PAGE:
The wax coating may be applied to surfaces which have not been painted with anti-fouling paint, but is preferably applied on top of an anti-fouling paint, since the paint will afford protection if areas of the wax coating are accidentally damaged or removed. Wax coatings applied by spraying molten wax are substantially impervious to water at any thickness above 5 micrometers and substantially impervious to biocides at thicknesses above 50 micrometers. Wax coatings applied as aqueous dispersions may, however, be more porous and allow a slow controlled migration of toxins through the wax coating from an underlying anti-fouling paint.
This migration may be appreciable through coatings of 10-49 micrometers thickness and coatings of such relative thinness can be applied using aqueous wax dispersions. However coatings of 50-300 micrometers may still show controlled migration, providing another potential advantage over films applied by other techniques.
A wide range of waxes may be used, but the wax preferably has a melting point of from 45° to 120° C. and a penetration of from 1 to 60 mm×10, as measured by ASTM D1321. Suitable waxes include mineral waxes e.g. paraffin wax, chlorinated paraffin wax microcrystalline wax, slack wax, ozokerite and ceresine, vegetable or animal waxes e.g. carnauba wax, and synthetic waxes, e.g. Fischer-Tropsch wax. Both oxidised and unoxidised waxes may be used, although, as explained hereafter, the method of forming the dispersions may differ. Blends of two or more types of wax can often be chosen to optimize physical properties, particularly gloss.
The emulsifying agent used to form the dispersion may be present in an amount of from 0.2 to 10% wt by weight of the dispersion, preferably from 1.0 to 5.0% wt. The agent used and the amount used is a factor in ensuring that the dispersion is stable and capable of being stored, in controlling the viscosity, in minimising surface tackiness of the finished coating and in minimising the re-dispersion and stripping of the finished coating by sea-water. Preferably, to minimise stripping, the amount of emulsifying agent is kept to a minimum, consistent with providing adequate stability and viscosity.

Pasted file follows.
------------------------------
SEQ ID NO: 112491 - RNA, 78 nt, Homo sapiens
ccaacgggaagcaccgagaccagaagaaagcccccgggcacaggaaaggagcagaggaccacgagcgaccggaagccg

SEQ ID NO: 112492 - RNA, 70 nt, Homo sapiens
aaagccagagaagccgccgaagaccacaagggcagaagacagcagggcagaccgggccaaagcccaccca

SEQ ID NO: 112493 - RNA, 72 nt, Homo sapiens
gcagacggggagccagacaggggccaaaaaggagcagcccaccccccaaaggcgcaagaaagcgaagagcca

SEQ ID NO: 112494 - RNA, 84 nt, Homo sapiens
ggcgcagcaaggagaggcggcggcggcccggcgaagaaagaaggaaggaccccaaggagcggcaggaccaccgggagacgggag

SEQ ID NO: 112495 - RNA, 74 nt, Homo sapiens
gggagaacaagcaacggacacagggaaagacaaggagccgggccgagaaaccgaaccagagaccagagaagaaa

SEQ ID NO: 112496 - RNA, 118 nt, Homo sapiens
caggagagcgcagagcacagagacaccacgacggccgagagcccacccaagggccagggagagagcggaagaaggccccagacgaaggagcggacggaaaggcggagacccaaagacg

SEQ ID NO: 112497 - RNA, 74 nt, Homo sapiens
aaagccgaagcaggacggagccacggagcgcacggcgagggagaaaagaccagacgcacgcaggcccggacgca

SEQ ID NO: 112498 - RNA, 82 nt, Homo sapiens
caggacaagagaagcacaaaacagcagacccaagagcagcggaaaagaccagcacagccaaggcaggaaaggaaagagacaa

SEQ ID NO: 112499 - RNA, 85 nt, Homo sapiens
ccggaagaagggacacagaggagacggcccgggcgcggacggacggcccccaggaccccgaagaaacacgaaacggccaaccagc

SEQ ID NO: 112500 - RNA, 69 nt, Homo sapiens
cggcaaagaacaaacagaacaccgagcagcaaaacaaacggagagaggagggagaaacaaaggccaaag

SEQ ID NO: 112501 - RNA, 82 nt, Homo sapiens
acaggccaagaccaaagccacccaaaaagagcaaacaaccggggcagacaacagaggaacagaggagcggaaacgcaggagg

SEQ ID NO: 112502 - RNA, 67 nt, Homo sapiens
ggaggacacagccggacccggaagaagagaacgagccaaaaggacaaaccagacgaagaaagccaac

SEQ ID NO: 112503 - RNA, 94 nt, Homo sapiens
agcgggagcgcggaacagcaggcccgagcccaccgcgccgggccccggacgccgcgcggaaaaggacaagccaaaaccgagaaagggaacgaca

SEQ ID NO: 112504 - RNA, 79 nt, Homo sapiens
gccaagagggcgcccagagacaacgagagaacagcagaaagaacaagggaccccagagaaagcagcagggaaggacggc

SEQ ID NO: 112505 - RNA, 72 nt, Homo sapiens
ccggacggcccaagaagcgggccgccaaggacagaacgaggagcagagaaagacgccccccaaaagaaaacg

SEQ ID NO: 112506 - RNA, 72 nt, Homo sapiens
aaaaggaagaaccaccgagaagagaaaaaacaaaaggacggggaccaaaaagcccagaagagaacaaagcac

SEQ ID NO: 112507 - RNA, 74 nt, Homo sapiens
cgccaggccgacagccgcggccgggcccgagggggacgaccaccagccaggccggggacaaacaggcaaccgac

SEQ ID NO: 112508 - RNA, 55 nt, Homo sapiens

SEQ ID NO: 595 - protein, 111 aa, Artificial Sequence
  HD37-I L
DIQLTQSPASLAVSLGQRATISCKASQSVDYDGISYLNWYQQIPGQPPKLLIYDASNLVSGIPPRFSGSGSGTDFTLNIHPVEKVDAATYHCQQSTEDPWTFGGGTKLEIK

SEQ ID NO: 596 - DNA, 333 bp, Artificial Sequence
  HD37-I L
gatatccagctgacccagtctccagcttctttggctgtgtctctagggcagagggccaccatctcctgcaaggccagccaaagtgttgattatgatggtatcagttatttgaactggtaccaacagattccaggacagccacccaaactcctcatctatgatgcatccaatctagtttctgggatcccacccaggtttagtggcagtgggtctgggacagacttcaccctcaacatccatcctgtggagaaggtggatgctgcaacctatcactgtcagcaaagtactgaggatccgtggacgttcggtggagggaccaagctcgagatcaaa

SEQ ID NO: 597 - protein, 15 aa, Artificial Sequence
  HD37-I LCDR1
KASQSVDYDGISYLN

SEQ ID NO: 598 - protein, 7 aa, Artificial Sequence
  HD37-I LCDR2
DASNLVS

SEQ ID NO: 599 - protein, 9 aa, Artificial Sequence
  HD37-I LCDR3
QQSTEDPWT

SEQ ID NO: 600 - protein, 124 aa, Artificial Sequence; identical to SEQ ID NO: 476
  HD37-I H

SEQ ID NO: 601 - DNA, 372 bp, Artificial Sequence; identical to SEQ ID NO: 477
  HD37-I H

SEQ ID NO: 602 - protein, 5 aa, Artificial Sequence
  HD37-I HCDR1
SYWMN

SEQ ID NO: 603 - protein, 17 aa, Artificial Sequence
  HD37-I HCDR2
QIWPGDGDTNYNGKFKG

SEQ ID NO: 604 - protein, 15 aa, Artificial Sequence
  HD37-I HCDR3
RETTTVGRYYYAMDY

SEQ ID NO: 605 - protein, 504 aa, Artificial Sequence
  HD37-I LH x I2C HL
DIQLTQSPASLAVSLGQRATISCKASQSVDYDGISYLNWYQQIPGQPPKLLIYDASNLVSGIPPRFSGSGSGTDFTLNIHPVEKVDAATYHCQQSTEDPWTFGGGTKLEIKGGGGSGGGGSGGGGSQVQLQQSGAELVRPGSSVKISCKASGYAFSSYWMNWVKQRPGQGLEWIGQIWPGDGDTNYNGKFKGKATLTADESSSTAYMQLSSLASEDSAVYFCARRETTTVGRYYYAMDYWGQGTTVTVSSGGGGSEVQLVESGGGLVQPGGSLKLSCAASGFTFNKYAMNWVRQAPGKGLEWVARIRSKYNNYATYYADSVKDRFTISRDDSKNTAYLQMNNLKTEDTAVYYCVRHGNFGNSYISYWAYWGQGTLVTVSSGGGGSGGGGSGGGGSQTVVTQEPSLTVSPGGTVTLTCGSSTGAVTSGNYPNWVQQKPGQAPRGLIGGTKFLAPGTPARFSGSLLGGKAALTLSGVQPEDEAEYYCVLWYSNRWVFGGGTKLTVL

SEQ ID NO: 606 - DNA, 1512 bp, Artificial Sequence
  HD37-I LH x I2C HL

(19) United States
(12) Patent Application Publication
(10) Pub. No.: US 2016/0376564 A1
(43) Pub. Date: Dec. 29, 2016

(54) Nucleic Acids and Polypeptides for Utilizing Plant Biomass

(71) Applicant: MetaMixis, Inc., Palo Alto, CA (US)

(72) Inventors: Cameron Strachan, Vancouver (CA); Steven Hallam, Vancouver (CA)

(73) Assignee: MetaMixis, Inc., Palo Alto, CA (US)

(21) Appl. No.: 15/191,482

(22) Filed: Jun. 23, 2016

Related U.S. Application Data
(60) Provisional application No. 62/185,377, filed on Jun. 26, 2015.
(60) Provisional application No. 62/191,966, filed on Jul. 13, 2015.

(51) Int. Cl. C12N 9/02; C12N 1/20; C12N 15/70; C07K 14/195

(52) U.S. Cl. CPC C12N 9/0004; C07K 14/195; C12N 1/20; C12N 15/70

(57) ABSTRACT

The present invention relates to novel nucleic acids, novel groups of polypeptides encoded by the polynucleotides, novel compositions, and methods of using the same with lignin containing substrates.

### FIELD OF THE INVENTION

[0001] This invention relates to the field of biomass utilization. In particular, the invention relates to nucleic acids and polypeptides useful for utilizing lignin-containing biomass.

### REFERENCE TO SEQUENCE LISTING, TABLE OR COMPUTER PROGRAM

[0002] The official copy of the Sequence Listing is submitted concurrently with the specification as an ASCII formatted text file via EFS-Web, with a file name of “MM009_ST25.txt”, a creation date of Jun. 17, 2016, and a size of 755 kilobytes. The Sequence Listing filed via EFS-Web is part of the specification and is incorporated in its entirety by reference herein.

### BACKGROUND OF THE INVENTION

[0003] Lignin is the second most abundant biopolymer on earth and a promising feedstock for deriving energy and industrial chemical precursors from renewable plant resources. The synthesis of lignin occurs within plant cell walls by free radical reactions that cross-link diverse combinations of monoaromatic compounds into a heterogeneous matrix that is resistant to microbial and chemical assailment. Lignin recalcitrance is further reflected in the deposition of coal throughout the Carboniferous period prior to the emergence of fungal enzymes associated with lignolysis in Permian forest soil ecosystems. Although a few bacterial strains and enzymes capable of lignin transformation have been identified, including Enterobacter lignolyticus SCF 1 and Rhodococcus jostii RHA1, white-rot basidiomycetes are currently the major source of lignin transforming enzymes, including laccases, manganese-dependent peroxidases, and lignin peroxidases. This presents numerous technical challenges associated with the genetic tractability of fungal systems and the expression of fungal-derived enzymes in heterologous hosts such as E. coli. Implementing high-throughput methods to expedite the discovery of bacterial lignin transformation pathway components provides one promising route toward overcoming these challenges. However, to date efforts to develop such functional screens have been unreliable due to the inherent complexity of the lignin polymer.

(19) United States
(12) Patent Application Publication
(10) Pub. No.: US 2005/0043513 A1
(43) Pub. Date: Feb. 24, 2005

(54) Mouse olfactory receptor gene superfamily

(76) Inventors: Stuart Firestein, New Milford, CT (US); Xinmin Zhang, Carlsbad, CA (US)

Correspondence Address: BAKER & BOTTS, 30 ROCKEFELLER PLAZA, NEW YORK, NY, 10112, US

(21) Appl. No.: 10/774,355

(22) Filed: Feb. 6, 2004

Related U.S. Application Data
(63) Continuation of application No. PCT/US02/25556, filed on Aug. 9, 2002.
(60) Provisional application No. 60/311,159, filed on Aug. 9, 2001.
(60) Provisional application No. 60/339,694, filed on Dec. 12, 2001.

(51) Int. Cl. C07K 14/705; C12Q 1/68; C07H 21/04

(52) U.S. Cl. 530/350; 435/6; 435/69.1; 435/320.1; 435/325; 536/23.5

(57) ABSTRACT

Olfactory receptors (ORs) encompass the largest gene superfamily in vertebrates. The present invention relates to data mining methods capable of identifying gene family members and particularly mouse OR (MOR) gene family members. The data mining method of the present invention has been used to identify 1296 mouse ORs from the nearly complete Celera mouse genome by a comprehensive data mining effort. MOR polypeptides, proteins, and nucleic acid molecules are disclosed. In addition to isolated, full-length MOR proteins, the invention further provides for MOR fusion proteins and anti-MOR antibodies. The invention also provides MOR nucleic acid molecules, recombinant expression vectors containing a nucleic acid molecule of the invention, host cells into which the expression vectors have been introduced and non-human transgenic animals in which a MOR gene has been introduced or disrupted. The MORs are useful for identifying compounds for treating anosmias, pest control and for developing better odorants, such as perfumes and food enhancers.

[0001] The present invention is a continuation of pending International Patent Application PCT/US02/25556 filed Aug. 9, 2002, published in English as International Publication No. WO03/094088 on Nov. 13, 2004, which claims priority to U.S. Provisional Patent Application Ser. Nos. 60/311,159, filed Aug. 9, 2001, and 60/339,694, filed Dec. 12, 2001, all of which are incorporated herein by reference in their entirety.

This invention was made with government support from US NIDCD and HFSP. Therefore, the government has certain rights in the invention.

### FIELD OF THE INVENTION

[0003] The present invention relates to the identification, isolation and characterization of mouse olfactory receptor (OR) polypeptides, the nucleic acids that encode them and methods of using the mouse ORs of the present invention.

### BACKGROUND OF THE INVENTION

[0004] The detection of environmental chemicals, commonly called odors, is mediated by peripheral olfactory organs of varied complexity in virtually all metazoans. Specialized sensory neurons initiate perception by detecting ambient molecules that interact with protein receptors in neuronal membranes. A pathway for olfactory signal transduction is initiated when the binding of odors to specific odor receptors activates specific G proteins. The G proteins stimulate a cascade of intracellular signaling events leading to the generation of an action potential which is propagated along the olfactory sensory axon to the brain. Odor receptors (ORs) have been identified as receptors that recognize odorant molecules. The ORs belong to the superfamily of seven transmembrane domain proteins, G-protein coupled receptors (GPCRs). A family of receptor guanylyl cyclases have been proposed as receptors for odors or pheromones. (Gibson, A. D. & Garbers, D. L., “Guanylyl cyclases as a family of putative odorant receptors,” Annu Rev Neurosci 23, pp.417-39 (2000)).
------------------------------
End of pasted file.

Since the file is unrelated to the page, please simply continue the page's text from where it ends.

The emulsifying agent may be anionic, cationic, or non-ionic, but preferably the former, because anionic agents best meet the desiderata set out above. Cationic agents are also useful and non-ionic agents are the least preferred.
Examples of suitable agents may be
Anionic--Amine salts of carboxylic acids, particularly ammoniacal alkylamine, and alkanolamine salts of carboxylic acids having from 4 to 54 carbon atoms. e.g. ammoniacal or ethanolamine salts of stearic or oleic acids.
Cationic--alkylamine hydrohalides, particularly those with alkyl groups having from 4 to 24 carbon atoms, e.g. laurylamine hydrochloride and cetyl trimethyl ammonium bromide.
Non-ionic--sorbitan and sorbitol esters (including oleates) with or without polyoxyethylene groups e.g. the agents sold under the Registered Trade Marks "Span" and "Tween".
Oxidised mineral wax and certain other waxes already contain carboxyl groups so it is only necessary to add a base to form an anionic emulsifying agent. Suitable bases may be as set out above, e.g. ammonia, triethanolamine or morpholine.
The dispersions may be produced by the hot emulsification of molten wax or wax blend and water in the presence of an emulsifying agent. The water may be added to the wax or vice-versa, but preferably water is added to wax so that a water in wax emulsion is first formed, which later inverts to a wax in water emulsion. With anionic agents, the agent is preferably formed in situ, with the base being present in the water phase and the acid in the wax phase. In a further preferment all the base may be added during the first part of the emulsion forming process e.g. the base may all be present in the first 20% of water added to the wax, pure water being added thereafter. The molar ratio of base to acid may be from 1.0 to 3.0.
The emulsion may be formed in any suitable equipment e.g. a Silverson mixer fitted with an emulsifying head.
For good stability and adequate viscosity, the emulsion preferably is a wax in water emulsion with an average wax particle size of from 0.05 to 10 micrometers.
If required biocides may be incorporated during the formation of the emulsion or subsequently. Wax coatings containing biocides are described and claimed in the complete specification of cognate U.K. Patent Applications Nos. 11186/74, 11187/74 and 25085/74 and the present invention may be used in combination with this other invention.